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Common Bankruptcy Myths

Bankruptcy Chapter 7In 2020, a total of 26,723 Texans filed for bankruptcy. The majority of the filings were for Chapter 7 liquidation (15,798). Most of the others were filed for a Chapter 13 repayment plan (9,069). The remainder involved Chapter 11, which is for businesses and high-income individuals.

While the prospect of bankruptcy leaves a bad taste in most people’s mouths – equating it with both failure and the loss of everything you’ve worked for – it's actually a perfectly legal and practical option when your debts are overwhelming you. It provides a fresh start, not only financially but emotionally.

If you’re underwater in a sea of debt with collection calls, texts, and emails arriving virtually daily, and you’re located in or around Amarillo, Texas, contact me at Swindell Law Firm. I will assess your situation and guide you along the proper course of bankruptcy protection to get you the fresh start you deserve.

Bankruptcy Myths

Even among those who are seriously considering bankruptcy, myths abound. Before filing for bankruptcy, it’s important to understand what it does accomplish and what it cannot accomplish. Here are some of the most common myths and why they are false:

I will lose everything if I file for bankruptcy: Not only are a lot of your assets exempted from bankruptcy sale under a Chapter 7 liquidation filing, Chapter 13 allows you to retain virtually everything so long as you honor your repayment plan. Texas has generous exemptions under Chapter 7. For instance, you can exempt virtually all equity in your primary home, and you can exempt one car per licensed household driver, though it must fit into the household personal property exemption (either $50,000 if single or $100,000 if married).

My credit will be ruined forever, and I can never qualify for a loan again: It’s true that a bankruptcy will appear on your credit report for years after your discharge (normally seven to ten years). However, your credit score will usually improve after you finish bankruptcy. The Federal Reserve Board of Philadelphia issued a report showing that the average credit score of a Chapter 7 filer was 538.2 before bankruptcy (on Equifax’s scale of 280 to 850) and 620 after.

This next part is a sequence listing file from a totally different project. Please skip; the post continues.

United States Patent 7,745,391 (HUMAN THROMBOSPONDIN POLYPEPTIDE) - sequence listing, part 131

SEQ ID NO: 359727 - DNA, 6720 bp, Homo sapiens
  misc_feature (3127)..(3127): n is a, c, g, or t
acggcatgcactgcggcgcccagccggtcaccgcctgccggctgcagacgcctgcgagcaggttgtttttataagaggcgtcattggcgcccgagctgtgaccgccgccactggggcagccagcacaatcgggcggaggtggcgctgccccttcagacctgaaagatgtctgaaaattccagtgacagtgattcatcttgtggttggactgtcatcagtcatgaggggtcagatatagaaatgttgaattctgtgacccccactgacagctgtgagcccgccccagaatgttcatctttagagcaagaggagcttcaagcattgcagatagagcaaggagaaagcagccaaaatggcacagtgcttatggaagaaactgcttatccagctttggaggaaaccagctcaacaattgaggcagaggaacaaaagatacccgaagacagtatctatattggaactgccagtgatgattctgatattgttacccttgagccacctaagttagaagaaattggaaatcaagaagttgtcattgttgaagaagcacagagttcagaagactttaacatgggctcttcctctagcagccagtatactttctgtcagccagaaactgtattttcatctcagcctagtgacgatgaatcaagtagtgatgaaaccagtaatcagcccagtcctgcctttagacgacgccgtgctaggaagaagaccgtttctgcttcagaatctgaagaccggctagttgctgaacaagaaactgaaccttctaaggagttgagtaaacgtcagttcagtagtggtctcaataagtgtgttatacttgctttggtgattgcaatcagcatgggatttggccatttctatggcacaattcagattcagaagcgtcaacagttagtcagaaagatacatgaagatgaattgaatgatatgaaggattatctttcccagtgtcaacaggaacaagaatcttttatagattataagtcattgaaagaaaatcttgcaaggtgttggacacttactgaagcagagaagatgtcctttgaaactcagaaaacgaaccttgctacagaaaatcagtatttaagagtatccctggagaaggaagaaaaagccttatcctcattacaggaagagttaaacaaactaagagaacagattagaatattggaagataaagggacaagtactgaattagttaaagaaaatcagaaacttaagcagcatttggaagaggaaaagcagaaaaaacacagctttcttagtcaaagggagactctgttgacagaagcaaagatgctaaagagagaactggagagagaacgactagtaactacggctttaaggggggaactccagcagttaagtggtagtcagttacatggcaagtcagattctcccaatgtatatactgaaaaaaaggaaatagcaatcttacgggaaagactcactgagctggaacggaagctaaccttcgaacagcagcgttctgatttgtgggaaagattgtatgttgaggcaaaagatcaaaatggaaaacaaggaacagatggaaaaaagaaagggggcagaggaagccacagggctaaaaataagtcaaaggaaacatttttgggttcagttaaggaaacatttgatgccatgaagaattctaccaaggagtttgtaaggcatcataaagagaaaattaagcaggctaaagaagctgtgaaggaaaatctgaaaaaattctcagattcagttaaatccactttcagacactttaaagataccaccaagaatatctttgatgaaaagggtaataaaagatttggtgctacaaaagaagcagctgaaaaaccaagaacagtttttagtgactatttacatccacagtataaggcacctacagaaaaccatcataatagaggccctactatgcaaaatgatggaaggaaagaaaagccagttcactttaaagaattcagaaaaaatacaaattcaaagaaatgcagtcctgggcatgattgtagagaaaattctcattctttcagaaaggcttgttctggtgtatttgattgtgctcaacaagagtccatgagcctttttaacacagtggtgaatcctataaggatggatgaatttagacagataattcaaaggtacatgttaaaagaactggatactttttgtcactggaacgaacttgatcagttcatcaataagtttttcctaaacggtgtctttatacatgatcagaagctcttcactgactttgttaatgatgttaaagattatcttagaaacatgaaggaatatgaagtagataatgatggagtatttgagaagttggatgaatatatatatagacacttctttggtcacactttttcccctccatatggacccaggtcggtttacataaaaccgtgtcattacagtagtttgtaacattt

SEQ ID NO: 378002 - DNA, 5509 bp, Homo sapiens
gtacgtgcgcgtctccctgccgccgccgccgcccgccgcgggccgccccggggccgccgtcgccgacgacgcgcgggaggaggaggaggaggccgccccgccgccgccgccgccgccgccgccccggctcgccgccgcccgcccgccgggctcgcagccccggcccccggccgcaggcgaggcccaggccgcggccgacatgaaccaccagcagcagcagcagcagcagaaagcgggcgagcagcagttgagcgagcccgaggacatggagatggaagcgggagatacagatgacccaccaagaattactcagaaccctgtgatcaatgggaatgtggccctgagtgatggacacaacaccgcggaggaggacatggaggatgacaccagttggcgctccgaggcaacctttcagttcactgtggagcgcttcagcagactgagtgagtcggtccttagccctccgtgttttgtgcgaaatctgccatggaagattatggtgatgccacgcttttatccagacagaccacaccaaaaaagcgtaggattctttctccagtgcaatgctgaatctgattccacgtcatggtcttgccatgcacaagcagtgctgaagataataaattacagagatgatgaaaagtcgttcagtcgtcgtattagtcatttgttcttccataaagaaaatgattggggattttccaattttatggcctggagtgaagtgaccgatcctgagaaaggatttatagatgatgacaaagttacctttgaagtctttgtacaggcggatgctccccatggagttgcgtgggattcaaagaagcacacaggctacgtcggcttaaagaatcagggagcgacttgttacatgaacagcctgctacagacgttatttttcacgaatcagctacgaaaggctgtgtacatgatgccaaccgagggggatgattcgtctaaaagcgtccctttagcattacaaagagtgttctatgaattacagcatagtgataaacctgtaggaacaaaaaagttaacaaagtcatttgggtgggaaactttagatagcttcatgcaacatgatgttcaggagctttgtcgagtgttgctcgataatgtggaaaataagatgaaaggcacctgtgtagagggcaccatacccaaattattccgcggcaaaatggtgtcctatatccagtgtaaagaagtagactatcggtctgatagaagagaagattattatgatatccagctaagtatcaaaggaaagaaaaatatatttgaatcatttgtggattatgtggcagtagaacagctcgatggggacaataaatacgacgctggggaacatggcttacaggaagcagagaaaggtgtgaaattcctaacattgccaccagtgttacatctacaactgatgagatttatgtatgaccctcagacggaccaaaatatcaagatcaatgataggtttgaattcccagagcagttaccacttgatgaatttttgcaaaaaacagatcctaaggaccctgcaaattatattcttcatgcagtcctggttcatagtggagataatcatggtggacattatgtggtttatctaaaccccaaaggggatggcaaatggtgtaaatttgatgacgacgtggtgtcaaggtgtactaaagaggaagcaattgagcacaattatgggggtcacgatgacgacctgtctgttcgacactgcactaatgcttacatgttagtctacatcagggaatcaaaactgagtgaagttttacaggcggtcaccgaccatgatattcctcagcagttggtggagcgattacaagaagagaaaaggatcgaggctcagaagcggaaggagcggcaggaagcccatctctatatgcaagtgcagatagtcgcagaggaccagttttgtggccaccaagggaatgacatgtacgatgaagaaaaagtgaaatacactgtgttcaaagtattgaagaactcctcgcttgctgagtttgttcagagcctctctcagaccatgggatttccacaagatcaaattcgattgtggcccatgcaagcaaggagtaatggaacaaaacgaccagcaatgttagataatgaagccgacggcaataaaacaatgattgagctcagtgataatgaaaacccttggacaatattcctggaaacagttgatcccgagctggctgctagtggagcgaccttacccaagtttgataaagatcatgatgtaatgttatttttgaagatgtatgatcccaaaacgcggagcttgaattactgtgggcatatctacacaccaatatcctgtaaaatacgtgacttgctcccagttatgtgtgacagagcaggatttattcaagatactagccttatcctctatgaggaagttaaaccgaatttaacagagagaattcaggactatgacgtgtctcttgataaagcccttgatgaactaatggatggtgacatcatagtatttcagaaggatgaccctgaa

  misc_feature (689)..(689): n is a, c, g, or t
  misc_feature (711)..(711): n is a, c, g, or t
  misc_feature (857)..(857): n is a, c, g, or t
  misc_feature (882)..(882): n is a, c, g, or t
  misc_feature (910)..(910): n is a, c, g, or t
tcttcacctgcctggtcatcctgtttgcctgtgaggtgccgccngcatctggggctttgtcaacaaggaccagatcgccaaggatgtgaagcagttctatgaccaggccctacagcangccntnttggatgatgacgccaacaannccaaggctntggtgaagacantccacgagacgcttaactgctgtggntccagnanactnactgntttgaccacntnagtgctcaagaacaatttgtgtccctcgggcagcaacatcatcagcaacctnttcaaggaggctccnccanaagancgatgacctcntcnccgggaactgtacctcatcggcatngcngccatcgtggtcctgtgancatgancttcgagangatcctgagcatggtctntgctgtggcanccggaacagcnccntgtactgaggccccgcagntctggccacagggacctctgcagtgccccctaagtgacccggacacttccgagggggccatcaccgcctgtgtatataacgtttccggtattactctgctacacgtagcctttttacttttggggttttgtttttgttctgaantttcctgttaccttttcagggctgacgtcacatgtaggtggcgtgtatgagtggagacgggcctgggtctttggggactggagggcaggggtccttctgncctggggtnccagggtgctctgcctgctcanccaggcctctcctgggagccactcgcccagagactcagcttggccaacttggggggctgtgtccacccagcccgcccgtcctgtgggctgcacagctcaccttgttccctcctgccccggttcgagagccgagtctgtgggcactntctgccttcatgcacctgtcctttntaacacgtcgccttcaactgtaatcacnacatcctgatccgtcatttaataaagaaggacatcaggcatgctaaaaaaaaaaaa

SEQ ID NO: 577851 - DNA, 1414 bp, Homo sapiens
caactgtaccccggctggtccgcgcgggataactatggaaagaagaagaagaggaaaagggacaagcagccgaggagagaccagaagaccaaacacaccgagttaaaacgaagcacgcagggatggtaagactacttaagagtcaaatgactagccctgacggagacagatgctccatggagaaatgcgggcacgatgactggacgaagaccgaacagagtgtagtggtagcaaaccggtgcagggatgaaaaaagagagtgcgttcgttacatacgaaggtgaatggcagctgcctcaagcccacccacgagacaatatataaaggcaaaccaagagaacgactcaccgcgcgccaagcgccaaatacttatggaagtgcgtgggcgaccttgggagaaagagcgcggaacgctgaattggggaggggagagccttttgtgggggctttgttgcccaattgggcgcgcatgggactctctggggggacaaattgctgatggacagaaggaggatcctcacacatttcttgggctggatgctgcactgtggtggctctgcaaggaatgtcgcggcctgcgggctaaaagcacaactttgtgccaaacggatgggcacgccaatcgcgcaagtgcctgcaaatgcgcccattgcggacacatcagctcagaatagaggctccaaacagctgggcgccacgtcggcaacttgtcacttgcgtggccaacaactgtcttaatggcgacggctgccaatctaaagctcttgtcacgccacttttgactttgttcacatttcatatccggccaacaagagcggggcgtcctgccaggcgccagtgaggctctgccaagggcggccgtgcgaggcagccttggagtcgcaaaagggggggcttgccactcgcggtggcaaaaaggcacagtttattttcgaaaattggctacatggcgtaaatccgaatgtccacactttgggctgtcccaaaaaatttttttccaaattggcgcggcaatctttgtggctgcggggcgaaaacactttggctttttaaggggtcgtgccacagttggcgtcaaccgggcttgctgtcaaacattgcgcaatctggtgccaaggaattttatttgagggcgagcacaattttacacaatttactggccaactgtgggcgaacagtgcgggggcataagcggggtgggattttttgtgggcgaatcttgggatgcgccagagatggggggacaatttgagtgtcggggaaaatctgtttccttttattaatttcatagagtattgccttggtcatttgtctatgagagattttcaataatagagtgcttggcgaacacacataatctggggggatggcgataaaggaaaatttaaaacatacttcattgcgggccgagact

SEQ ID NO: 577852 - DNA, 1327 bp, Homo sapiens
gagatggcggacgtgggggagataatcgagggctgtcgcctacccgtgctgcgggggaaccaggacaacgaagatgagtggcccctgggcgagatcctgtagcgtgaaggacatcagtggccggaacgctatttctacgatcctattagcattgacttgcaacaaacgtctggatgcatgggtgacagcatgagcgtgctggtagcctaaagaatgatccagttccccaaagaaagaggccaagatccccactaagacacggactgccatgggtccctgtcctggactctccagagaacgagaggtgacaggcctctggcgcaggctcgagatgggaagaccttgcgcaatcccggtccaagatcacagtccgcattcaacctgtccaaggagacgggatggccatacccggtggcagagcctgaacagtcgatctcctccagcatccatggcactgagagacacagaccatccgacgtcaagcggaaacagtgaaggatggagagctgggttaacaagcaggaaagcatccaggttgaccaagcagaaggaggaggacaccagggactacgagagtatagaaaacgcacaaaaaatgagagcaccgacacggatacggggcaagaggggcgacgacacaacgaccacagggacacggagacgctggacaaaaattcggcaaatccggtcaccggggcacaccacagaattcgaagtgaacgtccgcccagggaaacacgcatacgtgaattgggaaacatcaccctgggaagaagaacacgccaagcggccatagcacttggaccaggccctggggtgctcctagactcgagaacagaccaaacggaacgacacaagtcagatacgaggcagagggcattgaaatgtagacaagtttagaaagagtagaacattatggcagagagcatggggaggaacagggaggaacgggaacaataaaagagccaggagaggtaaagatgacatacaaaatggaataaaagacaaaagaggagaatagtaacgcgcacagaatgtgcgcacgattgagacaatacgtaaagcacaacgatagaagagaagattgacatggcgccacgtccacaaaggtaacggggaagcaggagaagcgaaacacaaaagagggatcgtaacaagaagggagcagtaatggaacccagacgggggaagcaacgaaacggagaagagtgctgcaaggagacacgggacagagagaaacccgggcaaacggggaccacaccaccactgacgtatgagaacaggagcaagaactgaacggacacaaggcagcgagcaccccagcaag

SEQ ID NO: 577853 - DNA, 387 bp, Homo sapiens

My bankruptcy will relieve me of all of my debts: If all you have are medical bills and consumer credit debt that is unsecured, this may be true. There are some debts that can never be discharged, however. For instance, child and spousal support payments must be maintained, and most student debt cannot be forgiven. Uncle Sam will also likely hold your feet to the fire for any unpaid taxes (although some income tax debt is dischargeable). Debts arising from fraud you committed cannot be discharged either.

My spouse and I both have to file: This depends on whose name the debt resides in. If one spouse has run up huge consumer debt that has not been signed onto by the other spouse – and there are no joint obligations being discharged, such as a primary residence – then only the spouse with the debt generally needs to file. However, if both spouses share debts that are being discharged and only one spouse files, creditors can go after the non-filing spouse for the debt even if the filing spouse is discharged.

You can run up your debts on a spending spree right before filing: Bankruptcy courts generally look askance at filers who go on spending sprees right before filing. Often, they will not recognize debts incurred 90 days before filing if they’re not for necessities or emergencies. Sometimes, they may even look upon your little spree as fraud. In short, it’s not a good idea to frivolously run up debts right before filing.

You can only file once for bankruptcy: Not true, but there are some limitations. If you’ve filed for Chapter 7, you will have to wait eight years before filing again under the same chapter. On a Chapter 13 plan, you can technically refile every two years, but practically speaking, you’d have to finish your current repayment plan first.

Paying off your debts is always a better option: If you can afford to pay your debts and still maintain a functional lifestyle, you probably don’t need to consider bankruptcy in the first place, but if you’re juggling payments and paying just the minimum amounts (or less), there’s a good chance that you should consider at least a Chapter 7 reorganization/repayment plan. If your debts total more than 50 percent of your annual income and you can’t keep up, bankruptcy is probably your best option. Consult with a bankruptcy attorney to weigh your options.

Getting Help from an Experienced Bankruptcy Attorney

If you’re overwhelmed with debt, leave aside your preconceived notions about bankruptcy and contact me at Swindell Law Firm immediately. Going through bankruptcy can be a trying experience, so don’t consider doing it alone. I’ll stand by your side throughout the process and see you through to a successful conclusion.

Swindell Law Firm proudly serves clients in Amarillo and across the Texas panhandle, including Borger, Pampa, Hereford, and Dumas.